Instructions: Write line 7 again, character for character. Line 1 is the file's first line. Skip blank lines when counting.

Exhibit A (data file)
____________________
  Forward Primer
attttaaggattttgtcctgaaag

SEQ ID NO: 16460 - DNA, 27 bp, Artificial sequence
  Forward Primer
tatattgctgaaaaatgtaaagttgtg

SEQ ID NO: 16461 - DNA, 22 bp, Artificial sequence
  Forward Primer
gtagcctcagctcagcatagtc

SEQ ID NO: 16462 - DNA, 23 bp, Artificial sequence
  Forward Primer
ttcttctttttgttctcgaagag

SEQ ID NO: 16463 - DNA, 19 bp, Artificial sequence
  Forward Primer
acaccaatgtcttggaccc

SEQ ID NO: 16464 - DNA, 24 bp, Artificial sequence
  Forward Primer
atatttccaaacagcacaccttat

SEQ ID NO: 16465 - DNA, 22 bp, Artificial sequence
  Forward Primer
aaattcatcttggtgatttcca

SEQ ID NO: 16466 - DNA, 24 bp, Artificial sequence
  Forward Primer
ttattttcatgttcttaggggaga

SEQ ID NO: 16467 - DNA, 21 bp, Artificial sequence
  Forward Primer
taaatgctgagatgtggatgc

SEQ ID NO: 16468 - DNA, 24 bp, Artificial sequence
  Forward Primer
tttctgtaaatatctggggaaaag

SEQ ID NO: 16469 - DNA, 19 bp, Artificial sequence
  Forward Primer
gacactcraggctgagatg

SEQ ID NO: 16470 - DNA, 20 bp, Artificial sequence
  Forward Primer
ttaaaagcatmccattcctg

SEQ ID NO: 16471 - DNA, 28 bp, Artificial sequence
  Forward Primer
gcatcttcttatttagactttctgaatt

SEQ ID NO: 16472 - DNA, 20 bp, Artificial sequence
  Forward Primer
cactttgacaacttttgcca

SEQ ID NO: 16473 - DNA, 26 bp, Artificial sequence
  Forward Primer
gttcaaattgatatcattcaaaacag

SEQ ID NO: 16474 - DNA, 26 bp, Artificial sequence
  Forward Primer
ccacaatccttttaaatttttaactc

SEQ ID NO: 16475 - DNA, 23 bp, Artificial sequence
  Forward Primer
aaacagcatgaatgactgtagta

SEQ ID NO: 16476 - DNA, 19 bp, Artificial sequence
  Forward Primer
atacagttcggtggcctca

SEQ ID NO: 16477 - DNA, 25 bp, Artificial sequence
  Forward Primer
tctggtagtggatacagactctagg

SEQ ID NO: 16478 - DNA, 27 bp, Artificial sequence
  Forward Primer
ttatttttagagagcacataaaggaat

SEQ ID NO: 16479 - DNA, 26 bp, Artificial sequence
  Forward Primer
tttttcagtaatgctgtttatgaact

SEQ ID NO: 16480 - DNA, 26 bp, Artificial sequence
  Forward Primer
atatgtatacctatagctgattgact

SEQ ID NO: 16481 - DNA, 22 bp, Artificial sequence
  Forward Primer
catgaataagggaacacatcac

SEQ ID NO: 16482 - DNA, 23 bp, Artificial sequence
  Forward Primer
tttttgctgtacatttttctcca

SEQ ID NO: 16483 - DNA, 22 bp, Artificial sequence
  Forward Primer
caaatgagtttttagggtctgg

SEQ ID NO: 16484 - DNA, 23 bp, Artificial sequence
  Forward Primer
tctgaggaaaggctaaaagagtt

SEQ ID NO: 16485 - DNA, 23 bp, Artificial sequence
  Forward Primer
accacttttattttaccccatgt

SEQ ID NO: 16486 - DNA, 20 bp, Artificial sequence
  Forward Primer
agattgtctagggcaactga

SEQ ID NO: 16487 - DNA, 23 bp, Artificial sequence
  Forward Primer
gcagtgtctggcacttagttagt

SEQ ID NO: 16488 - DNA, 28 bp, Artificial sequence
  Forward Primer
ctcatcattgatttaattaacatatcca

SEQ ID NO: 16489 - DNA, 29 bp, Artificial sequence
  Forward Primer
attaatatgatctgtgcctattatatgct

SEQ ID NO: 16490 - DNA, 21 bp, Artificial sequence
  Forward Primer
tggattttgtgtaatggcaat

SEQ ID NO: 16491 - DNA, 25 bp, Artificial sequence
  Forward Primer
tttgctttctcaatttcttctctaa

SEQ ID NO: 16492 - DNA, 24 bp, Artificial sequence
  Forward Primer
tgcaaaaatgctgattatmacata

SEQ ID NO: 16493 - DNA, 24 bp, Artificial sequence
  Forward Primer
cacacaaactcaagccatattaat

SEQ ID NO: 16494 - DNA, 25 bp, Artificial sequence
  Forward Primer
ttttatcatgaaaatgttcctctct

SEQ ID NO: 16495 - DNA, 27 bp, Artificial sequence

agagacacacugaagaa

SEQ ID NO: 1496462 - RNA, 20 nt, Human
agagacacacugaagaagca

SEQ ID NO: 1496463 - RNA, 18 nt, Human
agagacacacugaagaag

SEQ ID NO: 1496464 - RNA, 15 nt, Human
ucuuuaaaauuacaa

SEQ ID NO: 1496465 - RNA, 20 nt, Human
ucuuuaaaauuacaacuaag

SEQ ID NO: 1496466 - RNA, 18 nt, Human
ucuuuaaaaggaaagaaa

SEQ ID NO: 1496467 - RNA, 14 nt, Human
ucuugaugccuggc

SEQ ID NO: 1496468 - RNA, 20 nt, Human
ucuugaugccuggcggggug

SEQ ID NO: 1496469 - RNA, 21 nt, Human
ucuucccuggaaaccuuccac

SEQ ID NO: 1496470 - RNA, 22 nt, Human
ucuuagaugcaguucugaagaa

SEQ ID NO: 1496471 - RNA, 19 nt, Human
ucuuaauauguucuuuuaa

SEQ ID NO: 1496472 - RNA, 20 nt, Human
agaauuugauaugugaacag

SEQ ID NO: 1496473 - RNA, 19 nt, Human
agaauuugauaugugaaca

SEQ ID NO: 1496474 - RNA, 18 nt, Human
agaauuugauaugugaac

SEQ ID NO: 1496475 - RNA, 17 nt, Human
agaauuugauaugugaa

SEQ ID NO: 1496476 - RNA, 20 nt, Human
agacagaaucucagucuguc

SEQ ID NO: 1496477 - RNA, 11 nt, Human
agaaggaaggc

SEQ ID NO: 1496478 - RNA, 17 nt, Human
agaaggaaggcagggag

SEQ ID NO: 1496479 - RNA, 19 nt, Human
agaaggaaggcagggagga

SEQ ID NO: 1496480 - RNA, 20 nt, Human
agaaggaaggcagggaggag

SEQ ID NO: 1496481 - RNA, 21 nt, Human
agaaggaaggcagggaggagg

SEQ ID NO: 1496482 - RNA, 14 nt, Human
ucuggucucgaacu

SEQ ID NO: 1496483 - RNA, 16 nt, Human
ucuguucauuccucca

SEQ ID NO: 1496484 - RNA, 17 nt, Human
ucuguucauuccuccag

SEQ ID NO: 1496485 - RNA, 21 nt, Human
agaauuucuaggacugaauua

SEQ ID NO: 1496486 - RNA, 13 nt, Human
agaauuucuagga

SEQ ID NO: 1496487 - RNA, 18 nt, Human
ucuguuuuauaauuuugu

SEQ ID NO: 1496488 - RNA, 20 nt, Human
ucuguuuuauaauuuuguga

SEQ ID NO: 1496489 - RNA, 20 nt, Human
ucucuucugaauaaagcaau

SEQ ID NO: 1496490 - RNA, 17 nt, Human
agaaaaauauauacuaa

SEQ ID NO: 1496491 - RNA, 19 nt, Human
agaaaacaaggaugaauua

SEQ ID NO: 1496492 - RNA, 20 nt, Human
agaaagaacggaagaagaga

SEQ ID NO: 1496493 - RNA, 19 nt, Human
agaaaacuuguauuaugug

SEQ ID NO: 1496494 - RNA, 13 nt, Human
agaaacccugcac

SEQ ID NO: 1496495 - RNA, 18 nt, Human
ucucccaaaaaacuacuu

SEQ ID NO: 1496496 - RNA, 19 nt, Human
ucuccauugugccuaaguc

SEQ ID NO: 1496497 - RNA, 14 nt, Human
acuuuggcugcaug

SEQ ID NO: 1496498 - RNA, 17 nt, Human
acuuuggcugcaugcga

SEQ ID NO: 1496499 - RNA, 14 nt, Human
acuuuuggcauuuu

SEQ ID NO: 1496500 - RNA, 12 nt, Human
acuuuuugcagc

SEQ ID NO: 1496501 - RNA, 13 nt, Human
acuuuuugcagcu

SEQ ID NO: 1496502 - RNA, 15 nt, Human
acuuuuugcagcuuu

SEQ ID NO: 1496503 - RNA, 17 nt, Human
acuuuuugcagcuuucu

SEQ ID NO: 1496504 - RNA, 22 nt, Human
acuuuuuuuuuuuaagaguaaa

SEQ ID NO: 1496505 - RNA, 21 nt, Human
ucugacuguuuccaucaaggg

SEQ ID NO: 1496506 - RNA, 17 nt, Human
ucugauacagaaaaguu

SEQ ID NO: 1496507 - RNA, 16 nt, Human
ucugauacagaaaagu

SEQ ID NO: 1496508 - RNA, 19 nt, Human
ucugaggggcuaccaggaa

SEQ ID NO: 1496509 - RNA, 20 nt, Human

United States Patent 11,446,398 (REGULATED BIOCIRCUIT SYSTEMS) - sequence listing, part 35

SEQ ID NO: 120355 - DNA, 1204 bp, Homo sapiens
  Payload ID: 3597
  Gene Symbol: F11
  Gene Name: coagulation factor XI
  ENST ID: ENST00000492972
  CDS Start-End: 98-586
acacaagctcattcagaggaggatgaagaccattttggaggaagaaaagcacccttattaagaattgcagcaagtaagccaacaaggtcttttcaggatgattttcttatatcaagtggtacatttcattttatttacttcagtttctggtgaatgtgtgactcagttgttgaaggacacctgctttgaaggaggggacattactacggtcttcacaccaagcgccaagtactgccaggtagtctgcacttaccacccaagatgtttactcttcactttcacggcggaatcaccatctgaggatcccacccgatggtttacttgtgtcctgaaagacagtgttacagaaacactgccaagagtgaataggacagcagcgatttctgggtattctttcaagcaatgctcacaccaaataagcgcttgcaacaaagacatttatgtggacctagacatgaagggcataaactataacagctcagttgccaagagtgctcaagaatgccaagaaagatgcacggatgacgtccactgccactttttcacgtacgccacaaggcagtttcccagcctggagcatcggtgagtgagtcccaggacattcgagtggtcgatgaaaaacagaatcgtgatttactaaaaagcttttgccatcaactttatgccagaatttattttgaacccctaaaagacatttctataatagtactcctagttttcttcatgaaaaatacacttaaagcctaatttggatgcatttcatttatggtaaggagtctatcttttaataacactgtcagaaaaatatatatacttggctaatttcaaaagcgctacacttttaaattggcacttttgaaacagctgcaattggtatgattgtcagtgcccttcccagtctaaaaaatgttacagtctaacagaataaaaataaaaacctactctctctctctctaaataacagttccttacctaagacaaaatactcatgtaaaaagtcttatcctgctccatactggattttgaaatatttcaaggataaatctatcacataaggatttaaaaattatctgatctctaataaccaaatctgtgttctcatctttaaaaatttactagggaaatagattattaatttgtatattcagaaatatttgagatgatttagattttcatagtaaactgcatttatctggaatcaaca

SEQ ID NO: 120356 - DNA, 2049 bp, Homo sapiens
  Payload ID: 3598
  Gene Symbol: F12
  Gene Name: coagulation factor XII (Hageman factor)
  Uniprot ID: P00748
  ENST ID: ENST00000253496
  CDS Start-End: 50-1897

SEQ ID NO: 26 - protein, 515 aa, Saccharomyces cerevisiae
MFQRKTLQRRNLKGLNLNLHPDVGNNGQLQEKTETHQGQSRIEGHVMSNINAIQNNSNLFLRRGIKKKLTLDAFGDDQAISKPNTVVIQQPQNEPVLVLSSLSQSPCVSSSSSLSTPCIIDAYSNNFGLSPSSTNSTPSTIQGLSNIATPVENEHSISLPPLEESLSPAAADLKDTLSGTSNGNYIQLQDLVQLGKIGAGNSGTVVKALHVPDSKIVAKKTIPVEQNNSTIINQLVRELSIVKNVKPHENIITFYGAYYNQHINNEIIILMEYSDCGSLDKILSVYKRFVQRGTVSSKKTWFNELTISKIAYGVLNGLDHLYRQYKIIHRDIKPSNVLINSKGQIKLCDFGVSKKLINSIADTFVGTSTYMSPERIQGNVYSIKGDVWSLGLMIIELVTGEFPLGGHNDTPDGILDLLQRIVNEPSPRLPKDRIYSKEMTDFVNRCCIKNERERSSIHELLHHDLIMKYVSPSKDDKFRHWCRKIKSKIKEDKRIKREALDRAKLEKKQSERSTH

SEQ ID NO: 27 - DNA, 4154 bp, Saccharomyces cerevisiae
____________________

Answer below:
  Forward Primer